Frequently Asked Questions (FAQ)
- What are the steps for an oil spill cleanup?
- No two clean-ups are the same and will differ depending on individual circumstances. The steps described here are to help you better understand the general process:
- All proposals are done on a best-case scenario. (Tank is removed with no leaks or contamination.)
- Underground utilities are marked out, as required by law.
- Local and/or state permits are obtained, as required.
- Tank will be excavated, thoroughly cleaned, and inspected. Once inspected, tank will be recycled.
- If contamination is found at the time of removal, a DEP Case Number is assigned to the site.
- If applicable, in order to confirm the extent of contamination of soil or ground water, further testing is required.
- Once the extent of contamination is determined, remediation scenarios will be presented.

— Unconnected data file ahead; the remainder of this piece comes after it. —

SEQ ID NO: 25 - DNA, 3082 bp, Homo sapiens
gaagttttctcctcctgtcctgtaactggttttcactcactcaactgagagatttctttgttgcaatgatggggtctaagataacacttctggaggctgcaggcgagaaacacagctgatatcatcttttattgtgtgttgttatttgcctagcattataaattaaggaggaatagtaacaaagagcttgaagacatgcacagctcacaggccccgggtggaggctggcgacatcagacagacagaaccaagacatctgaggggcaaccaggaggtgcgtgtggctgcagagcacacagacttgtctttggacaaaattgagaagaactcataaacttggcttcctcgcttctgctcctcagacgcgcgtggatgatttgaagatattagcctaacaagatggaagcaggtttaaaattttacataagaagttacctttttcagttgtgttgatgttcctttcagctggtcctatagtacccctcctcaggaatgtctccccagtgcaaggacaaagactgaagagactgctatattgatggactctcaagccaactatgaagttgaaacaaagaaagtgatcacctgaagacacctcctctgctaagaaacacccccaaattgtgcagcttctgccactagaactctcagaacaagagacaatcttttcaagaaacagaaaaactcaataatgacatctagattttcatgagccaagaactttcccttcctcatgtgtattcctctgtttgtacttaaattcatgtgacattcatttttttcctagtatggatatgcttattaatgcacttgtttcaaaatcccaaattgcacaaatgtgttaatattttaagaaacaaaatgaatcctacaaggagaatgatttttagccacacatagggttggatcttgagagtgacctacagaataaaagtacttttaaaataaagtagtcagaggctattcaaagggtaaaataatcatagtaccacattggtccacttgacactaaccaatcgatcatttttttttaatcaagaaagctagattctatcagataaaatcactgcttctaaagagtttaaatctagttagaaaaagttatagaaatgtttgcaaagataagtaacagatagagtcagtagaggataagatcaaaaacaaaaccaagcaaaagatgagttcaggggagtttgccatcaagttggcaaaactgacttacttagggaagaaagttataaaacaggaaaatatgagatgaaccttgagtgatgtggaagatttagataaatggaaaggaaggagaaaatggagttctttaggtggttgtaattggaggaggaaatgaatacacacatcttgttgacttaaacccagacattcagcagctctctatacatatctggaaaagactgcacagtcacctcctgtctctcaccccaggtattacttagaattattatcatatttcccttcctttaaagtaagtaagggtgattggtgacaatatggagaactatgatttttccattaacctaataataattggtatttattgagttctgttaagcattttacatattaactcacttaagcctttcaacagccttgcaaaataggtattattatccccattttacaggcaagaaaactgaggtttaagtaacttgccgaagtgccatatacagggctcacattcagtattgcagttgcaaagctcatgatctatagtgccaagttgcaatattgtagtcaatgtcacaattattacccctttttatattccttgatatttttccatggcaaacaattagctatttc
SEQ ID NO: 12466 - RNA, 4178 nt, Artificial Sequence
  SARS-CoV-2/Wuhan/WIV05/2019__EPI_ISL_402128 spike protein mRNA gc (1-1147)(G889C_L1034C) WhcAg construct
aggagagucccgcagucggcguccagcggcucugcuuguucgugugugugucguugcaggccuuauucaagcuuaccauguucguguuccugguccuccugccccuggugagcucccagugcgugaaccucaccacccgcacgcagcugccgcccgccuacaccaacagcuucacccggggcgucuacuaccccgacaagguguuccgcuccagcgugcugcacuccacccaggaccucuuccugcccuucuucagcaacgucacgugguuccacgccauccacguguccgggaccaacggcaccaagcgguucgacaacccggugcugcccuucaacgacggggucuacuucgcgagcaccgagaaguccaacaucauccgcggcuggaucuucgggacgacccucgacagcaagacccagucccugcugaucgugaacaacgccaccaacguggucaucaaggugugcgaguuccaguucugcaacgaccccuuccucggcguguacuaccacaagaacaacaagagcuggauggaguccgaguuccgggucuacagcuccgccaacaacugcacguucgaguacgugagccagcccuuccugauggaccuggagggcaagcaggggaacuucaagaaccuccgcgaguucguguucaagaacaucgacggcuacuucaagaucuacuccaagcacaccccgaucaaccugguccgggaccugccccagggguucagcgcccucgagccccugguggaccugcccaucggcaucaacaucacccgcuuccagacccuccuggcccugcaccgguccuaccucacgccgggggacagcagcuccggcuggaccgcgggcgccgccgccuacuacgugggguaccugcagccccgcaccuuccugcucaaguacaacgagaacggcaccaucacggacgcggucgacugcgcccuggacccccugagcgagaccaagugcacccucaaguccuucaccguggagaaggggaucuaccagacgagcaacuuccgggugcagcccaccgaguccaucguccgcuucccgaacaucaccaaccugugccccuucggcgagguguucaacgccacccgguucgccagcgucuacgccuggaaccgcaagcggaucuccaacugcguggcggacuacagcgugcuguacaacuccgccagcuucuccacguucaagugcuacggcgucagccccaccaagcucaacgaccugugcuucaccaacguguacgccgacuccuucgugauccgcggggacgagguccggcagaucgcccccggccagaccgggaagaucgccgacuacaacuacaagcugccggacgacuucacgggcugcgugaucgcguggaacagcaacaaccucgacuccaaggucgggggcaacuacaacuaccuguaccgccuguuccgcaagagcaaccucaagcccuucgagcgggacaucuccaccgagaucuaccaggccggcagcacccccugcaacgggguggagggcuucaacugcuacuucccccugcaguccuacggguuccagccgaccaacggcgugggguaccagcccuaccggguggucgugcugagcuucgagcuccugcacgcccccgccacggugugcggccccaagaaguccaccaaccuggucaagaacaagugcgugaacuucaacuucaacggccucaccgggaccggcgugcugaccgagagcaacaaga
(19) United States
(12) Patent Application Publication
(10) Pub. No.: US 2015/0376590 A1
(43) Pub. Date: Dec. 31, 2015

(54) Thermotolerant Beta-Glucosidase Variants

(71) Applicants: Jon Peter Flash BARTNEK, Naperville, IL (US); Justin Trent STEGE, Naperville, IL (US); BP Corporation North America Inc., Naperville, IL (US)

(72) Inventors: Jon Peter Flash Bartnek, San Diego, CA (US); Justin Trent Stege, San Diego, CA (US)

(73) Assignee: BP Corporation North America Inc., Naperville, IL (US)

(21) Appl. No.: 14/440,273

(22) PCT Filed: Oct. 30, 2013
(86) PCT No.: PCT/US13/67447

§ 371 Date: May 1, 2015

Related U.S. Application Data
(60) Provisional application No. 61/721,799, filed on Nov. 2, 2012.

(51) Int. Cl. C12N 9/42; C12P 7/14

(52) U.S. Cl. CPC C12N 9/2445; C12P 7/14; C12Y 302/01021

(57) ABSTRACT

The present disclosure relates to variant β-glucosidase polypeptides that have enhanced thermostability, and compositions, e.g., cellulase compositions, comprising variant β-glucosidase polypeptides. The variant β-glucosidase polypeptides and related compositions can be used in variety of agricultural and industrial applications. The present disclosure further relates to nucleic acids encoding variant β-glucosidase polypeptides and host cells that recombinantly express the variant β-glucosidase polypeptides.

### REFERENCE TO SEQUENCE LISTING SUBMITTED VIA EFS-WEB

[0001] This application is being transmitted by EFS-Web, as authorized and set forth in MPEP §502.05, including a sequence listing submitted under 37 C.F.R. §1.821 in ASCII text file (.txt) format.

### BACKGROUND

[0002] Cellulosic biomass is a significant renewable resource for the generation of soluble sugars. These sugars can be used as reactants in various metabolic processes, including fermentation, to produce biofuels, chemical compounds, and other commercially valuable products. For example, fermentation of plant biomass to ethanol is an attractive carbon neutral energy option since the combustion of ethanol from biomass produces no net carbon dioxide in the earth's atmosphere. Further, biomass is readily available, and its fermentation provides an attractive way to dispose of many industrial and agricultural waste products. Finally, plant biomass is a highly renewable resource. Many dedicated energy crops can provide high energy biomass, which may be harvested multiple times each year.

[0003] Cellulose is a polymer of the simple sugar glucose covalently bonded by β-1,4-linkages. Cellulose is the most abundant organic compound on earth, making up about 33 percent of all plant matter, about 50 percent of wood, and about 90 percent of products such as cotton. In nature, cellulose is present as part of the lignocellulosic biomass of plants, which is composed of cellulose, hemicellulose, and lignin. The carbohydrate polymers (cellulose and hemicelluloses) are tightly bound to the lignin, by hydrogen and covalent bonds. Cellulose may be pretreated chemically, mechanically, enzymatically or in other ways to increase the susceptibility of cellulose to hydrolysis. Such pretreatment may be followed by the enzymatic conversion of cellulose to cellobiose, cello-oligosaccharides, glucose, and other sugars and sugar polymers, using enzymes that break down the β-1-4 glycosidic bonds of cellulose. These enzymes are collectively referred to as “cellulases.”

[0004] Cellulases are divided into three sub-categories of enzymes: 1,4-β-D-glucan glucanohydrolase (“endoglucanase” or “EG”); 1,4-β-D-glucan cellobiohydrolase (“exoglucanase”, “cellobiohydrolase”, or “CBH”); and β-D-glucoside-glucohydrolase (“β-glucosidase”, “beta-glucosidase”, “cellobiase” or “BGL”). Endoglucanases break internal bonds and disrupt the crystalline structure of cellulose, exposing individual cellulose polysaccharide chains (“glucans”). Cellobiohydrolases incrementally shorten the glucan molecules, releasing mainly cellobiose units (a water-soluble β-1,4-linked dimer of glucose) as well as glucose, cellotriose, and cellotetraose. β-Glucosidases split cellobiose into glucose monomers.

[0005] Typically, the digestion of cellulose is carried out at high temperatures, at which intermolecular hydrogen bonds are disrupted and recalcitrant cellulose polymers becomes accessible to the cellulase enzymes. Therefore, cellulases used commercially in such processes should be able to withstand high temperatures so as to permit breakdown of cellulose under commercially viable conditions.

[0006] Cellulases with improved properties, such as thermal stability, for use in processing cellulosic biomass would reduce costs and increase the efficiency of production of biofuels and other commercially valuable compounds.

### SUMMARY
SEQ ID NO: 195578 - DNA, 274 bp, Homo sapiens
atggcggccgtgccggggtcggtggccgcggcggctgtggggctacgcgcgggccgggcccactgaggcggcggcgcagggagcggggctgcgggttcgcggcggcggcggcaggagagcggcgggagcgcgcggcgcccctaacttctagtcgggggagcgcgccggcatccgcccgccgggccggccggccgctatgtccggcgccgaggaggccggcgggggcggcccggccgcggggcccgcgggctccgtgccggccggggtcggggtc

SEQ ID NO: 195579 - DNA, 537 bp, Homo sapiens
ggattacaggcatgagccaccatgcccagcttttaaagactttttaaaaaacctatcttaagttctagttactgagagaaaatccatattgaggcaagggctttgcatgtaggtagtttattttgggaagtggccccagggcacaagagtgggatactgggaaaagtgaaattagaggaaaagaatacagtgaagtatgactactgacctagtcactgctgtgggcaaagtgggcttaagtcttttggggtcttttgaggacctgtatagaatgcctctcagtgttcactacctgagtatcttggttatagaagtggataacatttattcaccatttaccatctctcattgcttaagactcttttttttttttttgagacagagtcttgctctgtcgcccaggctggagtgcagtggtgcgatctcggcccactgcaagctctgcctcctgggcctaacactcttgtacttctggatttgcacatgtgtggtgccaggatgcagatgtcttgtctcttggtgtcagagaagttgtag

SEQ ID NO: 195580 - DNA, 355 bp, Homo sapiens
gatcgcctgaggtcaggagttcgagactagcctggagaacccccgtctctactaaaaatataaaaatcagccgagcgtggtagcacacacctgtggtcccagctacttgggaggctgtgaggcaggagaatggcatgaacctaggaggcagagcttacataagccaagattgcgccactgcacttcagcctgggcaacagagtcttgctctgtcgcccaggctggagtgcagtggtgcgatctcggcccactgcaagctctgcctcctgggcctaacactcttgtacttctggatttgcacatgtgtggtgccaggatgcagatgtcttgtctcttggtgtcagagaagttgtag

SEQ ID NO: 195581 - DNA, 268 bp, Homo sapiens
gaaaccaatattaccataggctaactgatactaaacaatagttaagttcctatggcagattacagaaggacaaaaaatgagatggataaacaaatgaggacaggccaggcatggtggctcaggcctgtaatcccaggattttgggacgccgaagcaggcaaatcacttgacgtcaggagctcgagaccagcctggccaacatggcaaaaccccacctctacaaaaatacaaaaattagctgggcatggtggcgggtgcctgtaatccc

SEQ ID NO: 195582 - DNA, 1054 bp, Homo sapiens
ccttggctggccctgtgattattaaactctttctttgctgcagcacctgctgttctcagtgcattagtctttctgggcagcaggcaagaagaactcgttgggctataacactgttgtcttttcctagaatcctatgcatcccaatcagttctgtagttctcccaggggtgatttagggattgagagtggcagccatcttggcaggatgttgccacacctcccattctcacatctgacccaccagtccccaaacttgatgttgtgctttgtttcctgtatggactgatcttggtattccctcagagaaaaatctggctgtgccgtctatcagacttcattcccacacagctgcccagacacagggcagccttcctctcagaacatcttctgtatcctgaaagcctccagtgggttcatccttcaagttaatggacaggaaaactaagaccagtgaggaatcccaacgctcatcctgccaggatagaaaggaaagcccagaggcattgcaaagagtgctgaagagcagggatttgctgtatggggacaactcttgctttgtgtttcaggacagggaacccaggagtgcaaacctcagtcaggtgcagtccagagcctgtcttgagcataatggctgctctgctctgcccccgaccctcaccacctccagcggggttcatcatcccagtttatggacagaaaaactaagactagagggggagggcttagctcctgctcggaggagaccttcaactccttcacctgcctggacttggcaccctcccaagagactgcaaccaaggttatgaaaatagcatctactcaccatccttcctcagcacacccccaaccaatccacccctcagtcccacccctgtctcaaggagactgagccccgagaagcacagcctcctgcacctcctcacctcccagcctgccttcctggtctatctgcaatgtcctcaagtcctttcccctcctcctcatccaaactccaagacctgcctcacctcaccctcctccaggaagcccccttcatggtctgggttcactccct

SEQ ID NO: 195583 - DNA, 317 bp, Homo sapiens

- Remediation is performed based on laboratory samples and field screening.
- Remediation, field screen and soil and/or ground water sampling are performed to prove clean excavation.
- Remediation Action Report is written and submitted to the State with proper fees in order to get a NFA (No Further Action) letter to close out the contaminated site.
- Will the State of NJ reimburse me for the tank removal?
- The State of NJ has funded some tank replacements in the past, but funding can be subject to availability. More information can be found HERE.
- I am switching over to natural gas, so can't I just drain the tank?
- The tank MUST be properly removed or abandoned by a licensed contractor. An unused tank that has not been handled in this manner will eventually leak, causing contamination.
- I just discovered that my tank is leaking. What will happen to the oil in the tank?
- Oil that is in the old tank cannot be transferred to the new tank as it will void the manufacturer's warranty. It is recommended, if possible, to burn up the balance of the oil in the old tank.
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